NIST’s Encryption Standard Has Minimum $250 Billion Economic Benefit

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The U.S. Department of Commerce’s National Institute of Standards and Technology (NIST) has released a study that estimates a $250 billion economic impact from the development of its Advanced Encryption Standard (AES) over the past 20 years.

AES is a cryptographic algorithm used to encrypt and decrypt electronic information. It was approved for use by the federal government in November 2001 and has since been widely adopted by private industry. Today, AES protects everything from classified data and bank transactions to online shopping and social media apps.

According to the new study, NIST’s investment in AES has been repaid many times over, with economy-wide benefits exceeding its costs. The study’s most conservative estimate shows a 29-to-1 benefit-to-cost ratio for the AES program. The estimated benefit-to-cost ratio for the whole economy is 1,976-to-1. The assessment covers the period from 1996-2017.

“This outstanding return on investment exemplifies the economic value of federal research and development, for the private sector and for the broader American economy,” said Under Secretary of Commerce for Standards and Technology and NIST Director Walter G. Copan. “It also demonstrates how bringing together the private and public sectors effectively to address a challenge can result in positive impacts on U.S. commerce.”

The new report, prepared for NIST by RM Advisory Services, relied on a survey of government and private sector consumers of encryption systems and private integrators who develop and produce encryption hardware or software.

“AES has been tremendously successful at helping to establish trust in IT systems around the world,” said Charles Romine, director of NIST’s Information Technology Laboratory. “We are pleased with how it has stood the test of time in its ability to provide security in a wide range of commercial products and public and private systems.”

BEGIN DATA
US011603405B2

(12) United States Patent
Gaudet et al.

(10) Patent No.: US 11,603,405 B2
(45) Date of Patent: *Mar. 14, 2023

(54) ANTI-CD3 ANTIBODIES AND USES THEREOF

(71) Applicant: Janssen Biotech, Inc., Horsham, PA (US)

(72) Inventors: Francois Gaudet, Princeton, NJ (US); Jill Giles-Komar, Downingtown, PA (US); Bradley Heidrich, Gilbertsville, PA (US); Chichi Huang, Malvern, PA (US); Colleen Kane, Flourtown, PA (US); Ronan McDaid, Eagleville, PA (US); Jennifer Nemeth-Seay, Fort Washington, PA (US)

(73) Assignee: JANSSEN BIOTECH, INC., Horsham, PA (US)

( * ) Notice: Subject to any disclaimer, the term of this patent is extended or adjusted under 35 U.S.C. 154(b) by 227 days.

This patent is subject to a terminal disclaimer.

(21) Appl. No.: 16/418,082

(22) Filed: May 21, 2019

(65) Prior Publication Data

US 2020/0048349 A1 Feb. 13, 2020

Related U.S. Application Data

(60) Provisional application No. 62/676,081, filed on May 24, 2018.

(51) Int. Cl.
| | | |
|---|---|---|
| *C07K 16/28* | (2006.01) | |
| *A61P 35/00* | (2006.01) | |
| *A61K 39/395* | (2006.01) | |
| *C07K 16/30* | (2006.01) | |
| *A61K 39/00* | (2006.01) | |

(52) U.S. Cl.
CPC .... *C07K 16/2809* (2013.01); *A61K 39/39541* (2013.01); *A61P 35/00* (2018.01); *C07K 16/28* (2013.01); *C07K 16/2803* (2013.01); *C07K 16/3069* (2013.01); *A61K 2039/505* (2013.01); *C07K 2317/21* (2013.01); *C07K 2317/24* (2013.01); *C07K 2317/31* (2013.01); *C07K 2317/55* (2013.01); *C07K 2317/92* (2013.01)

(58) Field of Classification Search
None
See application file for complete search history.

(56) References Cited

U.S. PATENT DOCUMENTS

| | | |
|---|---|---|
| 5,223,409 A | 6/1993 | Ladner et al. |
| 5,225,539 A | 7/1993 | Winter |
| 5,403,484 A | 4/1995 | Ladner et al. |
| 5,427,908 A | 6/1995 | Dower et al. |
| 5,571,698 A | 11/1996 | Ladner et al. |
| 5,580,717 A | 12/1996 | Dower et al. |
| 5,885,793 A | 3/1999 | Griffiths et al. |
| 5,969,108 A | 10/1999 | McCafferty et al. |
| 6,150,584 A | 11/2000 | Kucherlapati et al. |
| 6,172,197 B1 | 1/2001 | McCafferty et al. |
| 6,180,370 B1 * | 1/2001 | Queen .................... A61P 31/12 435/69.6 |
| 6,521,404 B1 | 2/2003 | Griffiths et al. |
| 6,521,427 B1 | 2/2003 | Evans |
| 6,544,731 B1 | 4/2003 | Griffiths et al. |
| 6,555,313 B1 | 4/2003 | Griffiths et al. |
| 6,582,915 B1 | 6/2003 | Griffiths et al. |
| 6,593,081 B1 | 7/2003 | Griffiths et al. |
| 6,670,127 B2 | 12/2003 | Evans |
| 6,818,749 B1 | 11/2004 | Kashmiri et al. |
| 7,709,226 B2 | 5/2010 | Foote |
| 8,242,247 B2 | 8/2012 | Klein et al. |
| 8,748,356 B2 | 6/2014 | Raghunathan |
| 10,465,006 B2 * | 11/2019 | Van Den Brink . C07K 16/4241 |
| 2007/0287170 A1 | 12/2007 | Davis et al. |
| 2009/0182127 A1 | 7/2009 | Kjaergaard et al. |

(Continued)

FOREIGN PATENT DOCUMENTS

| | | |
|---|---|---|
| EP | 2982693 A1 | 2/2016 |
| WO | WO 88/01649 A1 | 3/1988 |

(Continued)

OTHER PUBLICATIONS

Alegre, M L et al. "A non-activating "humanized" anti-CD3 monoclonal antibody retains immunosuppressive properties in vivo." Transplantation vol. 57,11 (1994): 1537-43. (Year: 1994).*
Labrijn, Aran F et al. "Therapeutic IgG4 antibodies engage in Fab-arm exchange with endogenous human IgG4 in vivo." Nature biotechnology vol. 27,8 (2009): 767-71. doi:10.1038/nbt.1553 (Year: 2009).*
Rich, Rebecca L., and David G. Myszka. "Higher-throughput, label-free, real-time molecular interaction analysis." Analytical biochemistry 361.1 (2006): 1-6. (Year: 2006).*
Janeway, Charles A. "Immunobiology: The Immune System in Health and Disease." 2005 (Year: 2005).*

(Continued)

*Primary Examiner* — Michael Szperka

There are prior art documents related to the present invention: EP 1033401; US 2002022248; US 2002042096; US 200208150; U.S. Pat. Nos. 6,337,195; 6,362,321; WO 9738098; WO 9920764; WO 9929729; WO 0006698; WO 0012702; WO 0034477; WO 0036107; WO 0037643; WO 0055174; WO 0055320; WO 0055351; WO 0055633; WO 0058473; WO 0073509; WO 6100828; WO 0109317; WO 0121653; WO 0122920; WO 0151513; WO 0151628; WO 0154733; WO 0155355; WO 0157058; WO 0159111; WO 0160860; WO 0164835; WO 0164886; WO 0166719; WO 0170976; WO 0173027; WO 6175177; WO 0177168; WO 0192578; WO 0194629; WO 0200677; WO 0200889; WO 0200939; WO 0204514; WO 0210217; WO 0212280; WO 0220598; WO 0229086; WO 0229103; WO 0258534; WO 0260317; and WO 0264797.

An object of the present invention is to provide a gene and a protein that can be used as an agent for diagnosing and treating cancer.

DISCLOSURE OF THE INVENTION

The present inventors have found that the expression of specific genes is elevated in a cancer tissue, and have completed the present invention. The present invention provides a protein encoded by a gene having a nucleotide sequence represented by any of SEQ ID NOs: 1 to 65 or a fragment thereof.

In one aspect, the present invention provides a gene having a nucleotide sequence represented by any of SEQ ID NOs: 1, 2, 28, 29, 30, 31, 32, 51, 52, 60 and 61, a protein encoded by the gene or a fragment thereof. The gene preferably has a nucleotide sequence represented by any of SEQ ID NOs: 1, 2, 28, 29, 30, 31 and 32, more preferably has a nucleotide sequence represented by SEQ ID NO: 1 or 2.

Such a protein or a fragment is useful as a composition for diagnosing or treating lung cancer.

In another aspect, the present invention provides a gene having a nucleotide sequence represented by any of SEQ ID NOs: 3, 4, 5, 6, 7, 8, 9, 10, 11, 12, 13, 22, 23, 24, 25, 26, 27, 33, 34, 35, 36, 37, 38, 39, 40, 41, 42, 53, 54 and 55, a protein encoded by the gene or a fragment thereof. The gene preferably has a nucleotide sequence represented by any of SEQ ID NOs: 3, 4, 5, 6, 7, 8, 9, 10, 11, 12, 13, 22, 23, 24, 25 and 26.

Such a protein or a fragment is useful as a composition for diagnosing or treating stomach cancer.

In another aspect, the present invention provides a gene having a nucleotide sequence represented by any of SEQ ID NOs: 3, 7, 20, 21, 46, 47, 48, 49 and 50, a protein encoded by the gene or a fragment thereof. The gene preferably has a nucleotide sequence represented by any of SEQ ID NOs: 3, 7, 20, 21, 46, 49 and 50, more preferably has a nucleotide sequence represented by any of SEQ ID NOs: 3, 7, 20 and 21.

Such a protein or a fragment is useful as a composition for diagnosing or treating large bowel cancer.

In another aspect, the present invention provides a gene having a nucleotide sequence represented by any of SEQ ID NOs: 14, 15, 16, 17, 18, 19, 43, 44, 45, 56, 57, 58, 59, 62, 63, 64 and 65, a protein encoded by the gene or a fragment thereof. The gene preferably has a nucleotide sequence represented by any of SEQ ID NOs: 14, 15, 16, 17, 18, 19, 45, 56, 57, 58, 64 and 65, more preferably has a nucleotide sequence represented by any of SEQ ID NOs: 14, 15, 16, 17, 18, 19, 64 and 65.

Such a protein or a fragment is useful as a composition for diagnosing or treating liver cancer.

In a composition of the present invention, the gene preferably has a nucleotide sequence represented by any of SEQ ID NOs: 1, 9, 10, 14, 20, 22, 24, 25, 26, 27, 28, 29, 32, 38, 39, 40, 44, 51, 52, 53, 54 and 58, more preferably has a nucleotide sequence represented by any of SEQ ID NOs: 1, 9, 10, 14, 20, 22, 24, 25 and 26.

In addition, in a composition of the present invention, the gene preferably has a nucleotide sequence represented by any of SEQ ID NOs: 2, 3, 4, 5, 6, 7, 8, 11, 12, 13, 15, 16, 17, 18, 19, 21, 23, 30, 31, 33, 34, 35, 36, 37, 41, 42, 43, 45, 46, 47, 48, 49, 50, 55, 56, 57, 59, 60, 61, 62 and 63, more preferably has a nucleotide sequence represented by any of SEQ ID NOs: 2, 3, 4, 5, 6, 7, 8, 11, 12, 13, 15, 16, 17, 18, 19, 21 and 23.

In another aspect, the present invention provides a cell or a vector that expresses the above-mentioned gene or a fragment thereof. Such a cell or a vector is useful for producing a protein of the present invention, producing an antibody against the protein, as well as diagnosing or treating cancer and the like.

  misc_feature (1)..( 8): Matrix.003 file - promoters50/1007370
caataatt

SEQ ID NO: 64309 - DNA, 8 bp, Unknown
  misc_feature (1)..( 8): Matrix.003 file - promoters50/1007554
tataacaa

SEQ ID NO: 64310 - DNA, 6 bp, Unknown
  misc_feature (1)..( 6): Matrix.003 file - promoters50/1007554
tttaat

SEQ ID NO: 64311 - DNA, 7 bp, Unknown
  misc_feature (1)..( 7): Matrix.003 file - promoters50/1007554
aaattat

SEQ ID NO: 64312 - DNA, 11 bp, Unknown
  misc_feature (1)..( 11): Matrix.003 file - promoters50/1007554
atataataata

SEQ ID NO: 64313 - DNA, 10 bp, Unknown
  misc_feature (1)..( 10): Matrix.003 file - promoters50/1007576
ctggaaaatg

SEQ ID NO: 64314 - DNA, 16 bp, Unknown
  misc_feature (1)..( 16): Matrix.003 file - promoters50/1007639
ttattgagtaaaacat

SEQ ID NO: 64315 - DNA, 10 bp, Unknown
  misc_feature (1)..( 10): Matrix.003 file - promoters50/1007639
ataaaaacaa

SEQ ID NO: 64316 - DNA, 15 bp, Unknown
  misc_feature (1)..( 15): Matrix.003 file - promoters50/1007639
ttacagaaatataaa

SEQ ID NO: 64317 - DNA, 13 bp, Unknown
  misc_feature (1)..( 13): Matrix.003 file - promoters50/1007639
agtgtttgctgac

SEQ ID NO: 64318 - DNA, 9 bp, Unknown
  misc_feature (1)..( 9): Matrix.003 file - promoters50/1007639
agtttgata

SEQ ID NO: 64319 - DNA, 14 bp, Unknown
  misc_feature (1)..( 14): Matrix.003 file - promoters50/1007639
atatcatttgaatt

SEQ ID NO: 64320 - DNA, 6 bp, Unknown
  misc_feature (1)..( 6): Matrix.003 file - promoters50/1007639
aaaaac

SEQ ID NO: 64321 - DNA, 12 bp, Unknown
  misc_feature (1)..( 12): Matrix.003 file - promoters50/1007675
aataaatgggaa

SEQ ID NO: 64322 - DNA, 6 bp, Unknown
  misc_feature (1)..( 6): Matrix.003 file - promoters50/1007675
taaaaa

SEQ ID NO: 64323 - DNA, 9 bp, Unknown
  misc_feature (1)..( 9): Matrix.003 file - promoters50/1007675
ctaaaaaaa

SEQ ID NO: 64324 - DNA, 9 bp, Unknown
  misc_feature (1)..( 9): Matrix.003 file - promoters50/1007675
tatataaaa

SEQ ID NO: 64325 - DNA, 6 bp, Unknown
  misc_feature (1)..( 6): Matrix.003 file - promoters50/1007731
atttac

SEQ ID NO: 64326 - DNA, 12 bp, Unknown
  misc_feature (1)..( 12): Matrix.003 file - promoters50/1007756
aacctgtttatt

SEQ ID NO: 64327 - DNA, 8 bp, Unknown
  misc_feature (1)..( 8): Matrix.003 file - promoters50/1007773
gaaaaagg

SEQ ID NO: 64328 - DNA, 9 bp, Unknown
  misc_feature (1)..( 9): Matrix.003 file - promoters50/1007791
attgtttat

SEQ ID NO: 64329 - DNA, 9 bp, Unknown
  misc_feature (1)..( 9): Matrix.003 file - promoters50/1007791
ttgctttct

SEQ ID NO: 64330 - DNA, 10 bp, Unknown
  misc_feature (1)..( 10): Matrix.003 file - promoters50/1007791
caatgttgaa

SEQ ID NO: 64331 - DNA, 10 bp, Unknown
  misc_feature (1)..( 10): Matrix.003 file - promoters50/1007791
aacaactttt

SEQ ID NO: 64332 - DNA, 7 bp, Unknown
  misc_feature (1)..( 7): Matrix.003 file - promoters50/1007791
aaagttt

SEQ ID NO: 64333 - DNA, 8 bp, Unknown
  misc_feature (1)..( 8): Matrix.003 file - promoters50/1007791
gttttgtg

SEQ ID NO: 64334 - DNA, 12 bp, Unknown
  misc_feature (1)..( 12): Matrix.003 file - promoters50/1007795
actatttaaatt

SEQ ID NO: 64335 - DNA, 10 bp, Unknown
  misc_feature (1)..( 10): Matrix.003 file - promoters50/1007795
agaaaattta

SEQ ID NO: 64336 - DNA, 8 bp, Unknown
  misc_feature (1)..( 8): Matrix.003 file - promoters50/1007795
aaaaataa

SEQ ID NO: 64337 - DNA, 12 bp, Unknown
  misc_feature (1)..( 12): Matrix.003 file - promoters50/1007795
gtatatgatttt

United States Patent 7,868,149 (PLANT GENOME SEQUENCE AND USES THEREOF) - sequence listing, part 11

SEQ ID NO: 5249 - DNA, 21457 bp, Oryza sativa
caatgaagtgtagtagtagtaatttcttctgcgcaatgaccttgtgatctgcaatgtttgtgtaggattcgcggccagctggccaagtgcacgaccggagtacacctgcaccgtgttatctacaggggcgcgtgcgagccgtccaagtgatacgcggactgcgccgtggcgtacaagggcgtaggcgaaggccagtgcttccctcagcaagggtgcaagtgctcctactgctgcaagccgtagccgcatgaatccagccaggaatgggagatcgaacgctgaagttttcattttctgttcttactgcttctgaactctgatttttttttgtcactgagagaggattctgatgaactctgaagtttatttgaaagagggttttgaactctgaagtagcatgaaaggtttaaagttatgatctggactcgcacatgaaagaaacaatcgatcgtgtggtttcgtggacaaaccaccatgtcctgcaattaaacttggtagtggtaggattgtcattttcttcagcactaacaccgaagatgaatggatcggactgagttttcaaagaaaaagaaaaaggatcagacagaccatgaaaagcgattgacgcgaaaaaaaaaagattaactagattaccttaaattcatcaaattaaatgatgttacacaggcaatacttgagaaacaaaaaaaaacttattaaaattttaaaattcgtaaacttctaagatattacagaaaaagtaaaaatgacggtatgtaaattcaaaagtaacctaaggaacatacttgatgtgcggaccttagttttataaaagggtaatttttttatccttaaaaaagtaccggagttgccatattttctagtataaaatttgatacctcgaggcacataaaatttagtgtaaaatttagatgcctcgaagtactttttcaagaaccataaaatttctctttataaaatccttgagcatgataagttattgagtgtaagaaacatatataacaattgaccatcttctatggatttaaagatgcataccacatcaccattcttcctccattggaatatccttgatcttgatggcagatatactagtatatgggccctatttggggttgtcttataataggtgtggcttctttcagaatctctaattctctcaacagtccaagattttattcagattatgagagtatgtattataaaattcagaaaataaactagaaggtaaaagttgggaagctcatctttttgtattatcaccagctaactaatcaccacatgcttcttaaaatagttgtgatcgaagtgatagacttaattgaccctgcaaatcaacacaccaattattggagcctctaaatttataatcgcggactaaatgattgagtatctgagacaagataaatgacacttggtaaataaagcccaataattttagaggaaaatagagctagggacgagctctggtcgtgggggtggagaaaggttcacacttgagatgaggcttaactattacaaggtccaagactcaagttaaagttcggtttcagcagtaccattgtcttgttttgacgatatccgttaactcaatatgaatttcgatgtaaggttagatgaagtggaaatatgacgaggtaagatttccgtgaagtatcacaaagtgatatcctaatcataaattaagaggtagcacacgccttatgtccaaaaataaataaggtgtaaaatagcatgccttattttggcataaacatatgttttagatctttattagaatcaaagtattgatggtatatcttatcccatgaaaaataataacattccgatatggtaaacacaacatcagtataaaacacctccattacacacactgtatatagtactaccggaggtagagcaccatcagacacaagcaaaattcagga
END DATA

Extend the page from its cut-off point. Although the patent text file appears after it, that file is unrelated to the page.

In 1997, NIST launched its effort to identify a new standard encryption algorithm for the federal government after recognizing that the Data Encryption Standard (DES), adopted 20 years earlier, “was growing vulnerable in the face of advances in cryptanalysis and the exponential growth in computing power.”

Following a three-year, open international competition, on October 2, 2000, NIST announced its proposal for the replacement standard: Rijndael (pronounced Rhine-doll), an algorithm that was submitted by two cryptographers from Belgium. The unclassified, publicly disclosed encryption algorithm is available royalty-free, worldwide and is used by the U.S. federal government in its Federal Information Processing Standard (FIPS) and voluntarily by private organizations worldwide.

The development process involved the collaboration of the worldwide cryptography community. The authors noted that, as a result of the global reach of the effort, “the AES program has continued to create economic value by transferring its know-how—in many forms (e.g., the development and promulgation of ‘Special Publications’ that specify, maintain, and revise cryptographic modes of operation)—into the network of communications and transactions.”

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